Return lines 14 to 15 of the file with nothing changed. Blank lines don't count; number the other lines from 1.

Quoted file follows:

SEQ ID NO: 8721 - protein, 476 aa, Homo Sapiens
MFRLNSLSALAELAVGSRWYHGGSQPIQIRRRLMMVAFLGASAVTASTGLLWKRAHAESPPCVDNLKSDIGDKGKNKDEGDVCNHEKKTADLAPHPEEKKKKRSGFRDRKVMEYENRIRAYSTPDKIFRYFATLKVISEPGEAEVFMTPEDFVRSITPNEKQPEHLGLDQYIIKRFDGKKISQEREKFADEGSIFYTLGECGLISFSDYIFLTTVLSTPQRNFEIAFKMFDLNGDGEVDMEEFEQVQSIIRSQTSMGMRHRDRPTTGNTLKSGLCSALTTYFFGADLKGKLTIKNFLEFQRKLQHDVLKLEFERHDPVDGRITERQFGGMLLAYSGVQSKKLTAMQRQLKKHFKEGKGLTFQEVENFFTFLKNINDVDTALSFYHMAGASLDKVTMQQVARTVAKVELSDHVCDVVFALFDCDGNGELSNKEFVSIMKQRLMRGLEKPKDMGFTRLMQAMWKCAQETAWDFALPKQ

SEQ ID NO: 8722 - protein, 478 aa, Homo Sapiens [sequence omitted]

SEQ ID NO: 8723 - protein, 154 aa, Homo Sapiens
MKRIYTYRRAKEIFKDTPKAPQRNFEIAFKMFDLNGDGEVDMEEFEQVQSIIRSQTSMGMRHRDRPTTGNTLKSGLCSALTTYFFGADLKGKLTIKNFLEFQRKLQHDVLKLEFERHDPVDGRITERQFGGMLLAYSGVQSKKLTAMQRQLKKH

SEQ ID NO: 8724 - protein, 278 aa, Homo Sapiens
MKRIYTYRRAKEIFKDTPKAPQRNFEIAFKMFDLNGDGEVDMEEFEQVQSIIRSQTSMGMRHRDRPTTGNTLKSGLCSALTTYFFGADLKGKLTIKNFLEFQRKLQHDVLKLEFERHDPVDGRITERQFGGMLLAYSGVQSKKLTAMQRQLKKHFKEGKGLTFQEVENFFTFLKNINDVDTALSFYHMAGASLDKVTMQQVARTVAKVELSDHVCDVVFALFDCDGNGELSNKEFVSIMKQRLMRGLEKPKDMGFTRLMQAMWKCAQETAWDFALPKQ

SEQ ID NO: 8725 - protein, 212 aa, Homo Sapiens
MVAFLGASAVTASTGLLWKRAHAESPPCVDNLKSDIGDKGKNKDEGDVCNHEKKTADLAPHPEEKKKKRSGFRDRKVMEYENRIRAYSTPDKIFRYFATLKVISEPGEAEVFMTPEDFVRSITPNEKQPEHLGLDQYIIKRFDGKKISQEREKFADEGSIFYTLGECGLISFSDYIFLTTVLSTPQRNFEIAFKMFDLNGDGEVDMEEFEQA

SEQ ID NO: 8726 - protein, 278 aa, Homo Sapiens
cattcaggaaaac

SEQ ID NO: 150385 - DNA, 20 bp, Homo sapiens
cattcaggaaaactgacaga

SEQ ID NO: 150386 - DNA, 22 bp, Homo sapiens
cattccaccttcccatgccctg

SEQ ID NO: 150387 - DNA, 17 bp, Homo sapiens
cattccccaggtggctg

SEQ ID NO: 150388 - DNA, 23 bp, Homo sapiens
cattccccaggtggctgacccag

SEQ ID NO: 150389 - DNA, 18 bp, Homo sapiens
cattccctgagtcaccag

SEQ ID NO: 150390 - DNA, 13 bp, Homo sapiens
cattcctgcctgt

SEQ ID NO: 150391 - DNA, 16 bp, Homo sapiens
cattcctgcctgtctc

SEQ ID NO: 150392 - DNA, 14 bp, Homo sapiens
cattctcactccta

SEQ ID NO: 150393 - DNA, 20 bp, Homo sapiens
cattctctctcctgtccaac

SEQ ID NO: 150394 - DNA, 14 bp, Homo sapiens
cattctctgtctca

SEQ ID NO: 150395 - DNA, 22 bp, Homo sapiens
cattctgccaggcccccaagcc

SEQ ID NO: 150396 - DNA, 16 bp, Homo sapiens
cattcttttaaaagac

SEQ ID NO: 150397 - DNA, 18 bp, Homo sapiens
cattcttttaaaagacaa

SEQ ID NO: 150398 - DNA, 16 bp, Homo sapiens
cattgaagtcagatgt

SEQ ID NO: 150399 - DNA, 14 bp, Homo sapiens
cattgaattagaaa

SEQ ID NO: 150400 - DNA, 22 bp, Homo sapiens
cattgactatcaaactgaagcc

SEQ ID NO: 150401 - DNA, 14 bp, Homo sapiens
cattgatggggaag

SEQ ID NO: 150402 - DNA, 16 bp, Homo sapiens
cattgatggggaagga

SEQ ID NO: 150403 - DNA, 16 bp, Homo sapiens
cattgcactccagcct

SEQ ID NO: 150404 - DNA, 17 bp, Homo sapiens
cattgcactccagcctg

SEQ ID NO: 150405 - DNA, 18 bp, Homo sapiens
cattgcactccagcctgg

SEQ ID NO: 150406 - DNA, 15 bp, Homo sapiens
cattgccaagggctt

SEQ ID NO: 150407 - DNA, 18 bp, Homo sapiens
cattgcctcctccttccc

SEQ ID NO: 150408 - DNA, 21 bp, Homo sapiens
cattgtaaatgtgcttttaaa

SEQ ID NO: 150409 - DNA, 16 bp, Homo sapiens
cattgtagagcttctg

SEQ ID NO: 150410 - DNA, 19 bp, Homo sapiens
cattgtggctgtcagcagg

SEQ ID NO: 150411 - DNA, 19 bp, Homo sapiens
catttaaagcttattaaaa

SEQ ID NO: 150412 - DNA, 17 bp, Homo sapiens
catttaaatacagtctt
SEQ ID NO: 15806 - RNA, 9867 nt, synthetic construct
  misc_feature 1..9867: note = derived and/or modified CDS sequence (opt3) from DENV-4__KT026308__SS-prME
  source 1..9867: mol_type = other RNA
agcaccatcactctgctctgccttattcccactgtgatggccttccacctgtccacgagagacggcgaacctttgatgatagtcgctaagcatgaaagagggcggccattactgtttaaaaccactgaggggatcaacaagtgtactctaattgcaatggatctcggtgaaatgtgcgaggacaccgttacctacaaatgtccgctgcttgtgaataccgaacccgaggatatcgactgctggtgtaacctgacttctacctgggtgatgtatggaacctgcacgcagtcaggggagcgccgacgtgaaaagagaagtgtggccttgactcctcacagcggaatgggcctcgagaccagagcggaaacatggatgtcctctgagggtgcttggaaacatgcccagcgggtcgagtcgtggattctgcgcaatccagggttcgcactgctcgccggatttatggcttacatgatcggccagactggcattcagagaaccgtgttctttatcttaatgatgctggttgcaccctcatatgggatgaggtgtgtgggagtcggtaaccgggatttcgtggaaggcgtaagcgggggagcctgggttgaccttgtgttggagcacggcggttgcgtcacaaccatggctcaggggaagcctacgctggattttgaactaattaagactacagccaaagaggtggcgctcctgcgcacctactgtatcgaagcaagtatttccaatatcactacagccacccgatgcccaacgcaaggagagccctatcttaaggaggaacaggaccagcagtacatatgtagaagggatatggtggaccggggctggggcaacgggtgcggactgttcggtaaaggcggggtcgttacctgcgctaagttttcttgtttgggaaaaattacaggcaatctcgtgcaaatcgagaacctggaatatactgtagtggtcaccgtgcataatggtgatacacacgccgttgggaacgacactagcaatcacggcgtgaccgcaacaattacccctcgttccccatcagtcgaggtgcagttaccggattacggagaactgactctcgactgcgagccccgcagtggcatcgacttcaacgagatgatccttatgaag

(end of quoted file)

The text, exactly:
SEQ ID NO: 150386 - DNA, 22 bp, Homo sapiens
cattccaccttcccatgccctg